Business, Economics and Jobs

Israel bans some pesticides linked to brain damage


Farm children at dramatically higher risk of death, injury according to a new study in the journal Pediatrics.



For the past five years, there has been a fivefold increase in Israeli residents complaining about insecticides. Israel's Health Ministry has responded by banning some of the more toxic insecticides used in farming, Haaretz reported. Agricultural workers are most at risk from pesticide use. Pregnant women living in agricultural areas are also at risk of having children affected by pesticides.

More from GlobalPost: Promises, pitfalls await investors in Burma’s frontier

The Israeli government is focusing the ban on a type of pesticide called organophosophates. Growing evidence has linked organophosophates to a number of health problems, including neurological damage. A recent study found brain abnormalities in children exposed to organophosophates while in the womb. And an Israeli study conducted two years ago found an unusually high rate of Parkinson's Disease in Baka al-Garbiyeh, because of insecticide exposure, Haaretz reported.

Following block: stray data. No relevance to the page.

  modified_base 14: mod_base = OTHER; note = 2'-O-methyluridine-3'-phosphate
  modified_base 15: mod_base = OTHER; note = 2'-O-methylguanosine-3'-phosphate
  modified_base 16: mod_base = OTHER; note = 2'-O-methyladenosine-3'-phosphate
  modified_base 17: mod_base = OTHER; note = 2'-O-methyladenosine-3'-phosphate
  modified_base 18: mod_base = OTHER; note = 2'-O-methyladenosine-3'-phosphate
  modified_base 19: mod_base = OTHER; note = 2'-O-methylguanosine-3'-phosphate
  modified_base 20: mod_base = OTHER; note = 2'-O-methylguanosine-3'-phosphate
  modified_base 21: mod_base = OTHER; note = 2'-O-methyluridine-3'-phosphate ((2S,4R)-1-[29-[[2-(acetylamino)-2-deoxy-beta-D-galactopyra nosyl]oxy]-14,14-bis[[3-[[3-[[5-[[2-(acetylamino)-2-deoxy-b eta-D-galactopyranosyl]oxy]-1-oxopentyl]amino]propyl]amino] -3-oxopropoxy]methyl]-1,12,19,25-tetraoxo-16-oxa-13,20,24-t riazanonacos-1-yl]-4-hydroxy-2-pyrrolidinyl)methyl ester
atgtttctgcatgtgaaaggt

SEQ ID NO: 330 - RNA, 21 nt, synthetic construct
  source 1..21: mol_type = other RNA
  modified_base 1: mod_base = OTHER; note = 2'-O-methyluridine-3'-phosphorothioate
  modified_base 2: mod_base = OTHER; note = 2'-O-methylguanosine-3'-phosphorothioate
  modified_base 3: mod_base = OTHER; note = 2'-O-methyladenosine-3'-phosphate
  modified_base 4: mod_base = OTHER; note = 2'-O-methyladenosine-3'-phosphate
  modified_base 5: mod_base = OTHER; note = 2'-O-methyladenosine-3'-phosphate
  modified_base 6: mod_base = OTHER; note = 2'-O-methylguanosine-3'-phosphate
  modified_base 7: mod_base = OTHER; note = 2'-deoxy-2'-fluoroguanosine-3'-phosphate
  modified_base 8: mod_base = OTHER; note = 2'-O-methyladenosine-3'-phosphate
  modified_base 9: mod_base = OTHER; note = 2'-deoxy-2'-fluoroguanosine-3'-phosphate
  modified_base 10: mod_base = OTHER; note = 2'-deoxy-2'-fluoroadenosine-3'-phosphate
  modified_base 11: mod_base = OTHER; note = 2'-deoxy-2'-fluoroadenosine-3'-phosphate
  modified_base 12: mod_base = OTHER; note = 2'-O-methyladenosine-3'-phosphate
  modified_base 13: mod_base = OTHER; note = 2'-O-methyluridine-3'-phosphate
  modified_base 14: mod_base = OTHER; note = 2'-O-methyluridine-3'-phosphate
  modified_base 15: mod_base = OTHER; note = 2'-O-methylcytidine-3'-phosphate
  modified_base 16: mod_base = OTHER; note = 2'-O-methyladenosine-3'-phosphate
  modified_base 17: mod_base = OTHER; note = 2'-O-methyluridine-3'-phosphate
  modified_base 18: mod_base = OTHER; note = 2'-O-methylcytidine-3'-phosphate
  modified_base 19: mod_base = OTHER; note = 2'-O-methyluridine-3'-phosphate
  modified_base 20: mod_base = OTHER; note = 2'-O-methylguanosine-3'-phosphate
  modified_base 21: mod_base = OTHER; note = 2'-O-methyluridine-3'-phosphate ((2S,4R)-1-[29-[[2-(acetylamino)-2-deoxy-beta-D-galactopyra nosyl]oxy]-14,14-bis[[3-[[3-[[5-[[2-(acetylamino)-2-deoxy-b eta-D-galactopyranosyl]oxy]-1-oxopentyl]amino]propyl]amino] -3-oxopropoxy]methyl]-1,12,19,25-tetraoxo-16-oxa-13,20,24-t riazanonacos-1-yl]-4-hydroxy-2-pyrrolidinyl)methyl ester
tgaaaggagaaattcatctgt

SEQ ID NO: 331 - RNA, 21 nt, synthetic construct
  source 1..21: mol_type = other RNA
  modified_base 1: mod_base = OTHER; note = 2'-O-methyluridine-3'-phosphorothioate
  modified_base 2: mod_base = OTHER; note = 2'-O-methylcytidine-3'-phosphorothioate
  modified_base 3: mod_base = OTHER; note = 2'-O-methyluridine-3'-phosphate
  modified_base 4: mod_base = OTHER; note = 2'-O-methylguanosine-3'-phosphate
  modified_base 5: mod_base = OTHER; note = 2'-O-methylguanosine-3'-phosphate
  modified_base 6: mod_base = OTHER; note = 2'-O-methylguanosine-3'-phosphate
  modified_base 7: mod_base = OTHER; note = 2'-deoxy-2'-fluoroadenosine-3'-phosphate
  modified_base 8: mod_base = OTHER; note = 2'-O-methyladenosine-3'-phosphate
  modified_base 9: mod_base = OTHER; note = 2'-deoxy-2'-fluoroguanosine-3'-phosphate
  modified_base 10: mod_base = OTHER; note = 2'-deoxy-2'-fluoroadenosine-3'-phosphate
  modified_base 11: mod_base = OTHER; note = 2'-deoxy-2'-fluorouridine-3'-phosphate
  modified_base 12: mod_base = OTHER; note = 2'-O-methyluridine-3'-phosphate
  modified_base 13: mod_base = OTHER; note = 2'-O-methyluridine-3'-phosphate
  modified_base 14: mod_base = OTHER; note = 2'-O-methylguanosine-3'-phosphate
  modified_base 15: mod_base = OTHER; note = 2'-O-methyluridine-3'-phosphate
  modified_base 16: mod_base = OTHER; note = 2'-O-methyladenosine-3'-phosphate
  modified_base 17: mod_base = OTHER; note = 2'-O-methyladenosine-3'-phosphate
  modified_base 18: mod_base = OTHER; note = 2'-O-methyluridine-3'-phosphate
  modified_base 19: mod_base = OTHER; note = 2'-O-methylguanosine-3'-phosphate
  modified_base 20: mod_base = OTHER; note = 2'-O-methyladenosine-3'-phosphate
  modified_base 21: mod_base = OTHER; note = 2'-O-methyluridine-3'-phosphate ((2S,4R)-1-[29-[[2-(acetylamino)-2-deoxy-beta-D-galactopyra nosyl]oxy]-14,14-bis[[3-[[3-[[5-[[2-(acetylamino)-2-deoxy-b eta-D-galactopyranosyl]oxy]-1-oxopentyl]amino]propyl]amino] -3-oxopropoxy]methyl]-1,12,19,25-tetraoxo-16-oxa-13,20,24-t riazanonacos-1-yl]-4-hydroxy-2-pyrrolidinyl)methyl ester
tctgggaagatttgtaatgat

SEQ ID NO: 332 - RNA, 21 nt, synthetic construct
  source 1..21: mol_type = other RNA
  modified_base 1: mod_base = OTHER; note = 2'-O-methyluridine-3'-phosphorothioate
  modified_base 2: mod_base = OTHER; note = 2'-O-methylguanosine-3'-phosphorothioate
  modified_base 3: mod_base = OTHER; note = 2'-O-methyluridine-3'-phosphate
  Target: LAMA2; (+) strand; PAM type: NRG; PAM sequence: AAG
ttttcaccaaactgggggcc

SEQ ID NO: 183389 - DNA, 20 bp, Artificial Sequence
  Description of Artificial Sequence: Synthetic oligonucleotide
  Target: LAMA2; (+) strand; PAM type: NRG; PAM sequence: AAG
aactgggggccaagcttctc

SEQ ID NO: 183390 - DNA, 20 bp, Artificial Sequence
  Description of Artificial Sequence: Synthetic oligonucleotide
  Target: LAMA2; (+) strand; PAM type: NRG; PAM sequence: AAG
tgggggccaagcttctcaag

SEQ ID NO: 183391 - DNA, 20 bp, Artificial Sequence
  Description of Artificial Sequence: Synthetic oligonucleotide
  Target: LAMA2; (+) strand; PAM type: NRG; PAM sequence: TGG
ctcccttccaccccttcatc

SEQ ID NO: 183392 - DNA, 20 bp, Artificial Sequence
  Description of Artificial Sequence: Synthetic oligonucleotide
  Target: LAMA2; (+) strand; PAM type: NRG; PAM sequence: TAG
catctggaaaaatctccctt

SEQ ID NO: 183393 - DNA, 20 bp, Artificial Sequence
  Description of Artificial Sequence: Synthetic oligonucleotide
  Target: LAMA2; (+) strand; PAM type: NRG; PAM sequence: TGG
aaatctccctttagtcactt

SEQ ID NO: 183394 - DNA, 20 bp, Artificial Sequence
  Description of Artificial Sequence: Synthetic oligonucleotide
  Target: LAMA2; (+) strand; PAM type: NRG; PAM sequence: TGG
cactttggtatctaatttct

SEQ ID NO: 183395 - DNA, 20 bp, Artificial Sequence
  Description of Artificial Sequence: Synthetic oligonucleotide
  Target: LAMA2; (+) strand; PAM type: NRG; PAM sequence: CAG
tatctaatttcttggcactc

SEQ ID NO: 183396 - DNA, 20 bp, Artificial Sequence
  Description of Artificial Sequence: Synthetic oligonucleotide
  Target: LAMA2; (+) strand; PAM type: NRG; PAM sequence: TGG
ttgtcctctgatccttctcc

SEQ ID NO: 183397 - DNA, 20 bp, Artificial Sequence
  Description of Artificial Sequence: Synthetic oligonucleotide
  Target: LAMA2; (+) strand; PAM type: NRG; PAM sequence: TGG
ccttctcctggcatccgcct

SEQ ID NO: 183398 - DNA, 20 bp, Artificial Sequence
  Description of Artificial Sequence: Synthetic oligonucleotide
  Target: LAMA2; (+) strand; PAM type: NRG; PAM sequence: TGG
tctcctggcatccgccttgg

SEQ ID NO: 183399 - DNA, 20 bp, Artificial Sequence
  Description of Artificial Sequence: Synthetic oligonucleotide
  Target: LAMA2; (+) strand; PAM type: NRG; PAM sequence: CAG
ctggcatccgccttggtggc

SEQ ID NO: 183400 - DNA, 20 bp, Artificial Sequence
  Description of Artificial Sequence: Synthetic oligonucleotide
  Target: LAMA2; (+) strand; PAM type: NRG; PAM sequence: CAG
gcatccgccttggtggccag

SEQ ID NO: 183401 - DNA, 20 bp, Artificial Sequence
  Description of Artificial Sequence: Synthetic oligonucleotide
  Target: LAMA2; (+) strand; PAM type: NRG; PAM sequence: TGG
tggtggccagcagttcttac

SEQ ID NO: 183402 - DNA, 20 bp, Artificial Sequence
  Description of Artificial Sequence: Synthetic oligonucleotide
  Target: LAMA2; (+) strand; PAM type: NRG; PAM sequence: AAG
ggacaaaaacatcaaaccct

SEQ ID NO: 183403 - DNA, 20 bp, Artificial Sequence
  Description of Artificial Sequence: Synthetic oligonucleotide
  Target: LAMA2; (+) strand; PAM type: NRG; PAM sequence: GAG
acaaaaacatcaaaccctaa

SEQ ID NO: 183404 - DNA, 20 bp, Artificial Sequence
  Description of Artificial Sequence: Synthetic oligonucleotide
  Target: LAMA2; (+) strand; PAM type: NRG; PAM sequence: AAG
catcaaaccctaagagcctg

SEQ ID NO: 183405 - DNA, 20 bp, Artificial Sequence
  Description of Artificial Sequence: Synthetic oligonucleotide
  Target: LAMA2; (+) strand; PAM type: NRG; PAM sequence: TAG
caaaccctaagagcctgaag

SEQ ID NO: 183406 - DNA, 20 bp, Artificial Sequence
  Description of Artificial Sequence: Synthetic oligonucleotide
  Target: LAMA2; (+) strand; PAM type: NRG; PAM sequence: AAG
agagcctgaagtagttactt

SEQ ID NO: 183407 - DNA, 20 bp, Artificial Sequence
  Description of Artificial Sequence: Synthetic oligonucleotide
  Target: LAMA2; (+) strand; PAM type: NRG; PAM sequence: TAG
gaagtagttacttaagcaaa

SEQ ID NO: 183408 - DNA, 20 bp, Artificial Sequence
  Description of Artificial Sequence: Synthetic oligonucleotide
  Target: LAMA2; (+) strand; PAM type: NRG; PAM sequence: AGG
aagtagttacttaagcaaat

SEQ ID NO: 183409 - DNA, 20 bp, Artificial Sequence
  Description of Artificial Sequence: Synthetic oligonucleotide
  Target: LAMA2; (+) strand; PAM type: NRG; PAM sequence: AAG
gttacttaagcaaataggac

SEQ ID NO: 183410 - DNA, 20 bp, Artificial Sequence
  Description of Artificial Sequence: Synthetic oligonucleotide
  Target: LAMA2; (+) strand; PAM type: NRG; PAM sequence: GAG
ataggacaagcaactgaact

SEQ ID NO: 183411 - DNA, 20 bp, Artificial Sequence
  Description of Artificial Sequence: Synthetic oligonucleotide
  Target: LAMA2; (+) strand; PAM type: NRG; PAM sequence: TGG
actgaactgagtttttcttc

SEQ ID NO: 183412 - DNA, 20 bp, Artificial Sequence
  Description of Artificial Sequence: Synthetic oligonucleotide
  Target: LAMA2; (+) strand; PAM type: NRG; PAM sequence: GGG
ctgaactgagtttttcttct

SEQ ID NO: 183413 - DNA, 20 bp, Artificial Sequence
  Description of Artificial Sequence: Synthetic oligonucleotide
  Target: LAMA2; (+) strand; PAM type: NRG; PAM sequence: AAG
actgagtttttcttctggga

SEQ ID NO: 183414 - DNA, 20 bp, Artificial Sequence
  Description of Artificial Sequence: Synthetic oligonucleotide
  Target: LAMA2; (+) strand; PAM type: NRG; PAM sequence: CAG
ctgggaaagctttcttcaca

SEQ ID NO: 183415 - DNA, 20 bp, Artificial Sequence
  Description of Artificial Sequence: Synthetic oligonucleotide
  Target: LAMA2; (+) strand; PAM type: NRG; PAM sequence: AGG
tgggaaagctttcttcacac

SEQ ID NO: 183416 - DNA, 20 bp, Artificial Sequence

Despite this, there are still 37 different types of organophosophates that can be used in the United States, according to the Illinois Department of Public Health

The recent Israeli government report, meanwhile, criticized the lack of action taken so far to reduce insecticide use in Israel. "Every gust of wind brings insecticide and disinfectant particles into the residents' homes every day," the report says, according to Haaretz. "The residents approached Israel Nature and Parks Authority rangers numerous times due to concern over the long-term impact of the substances."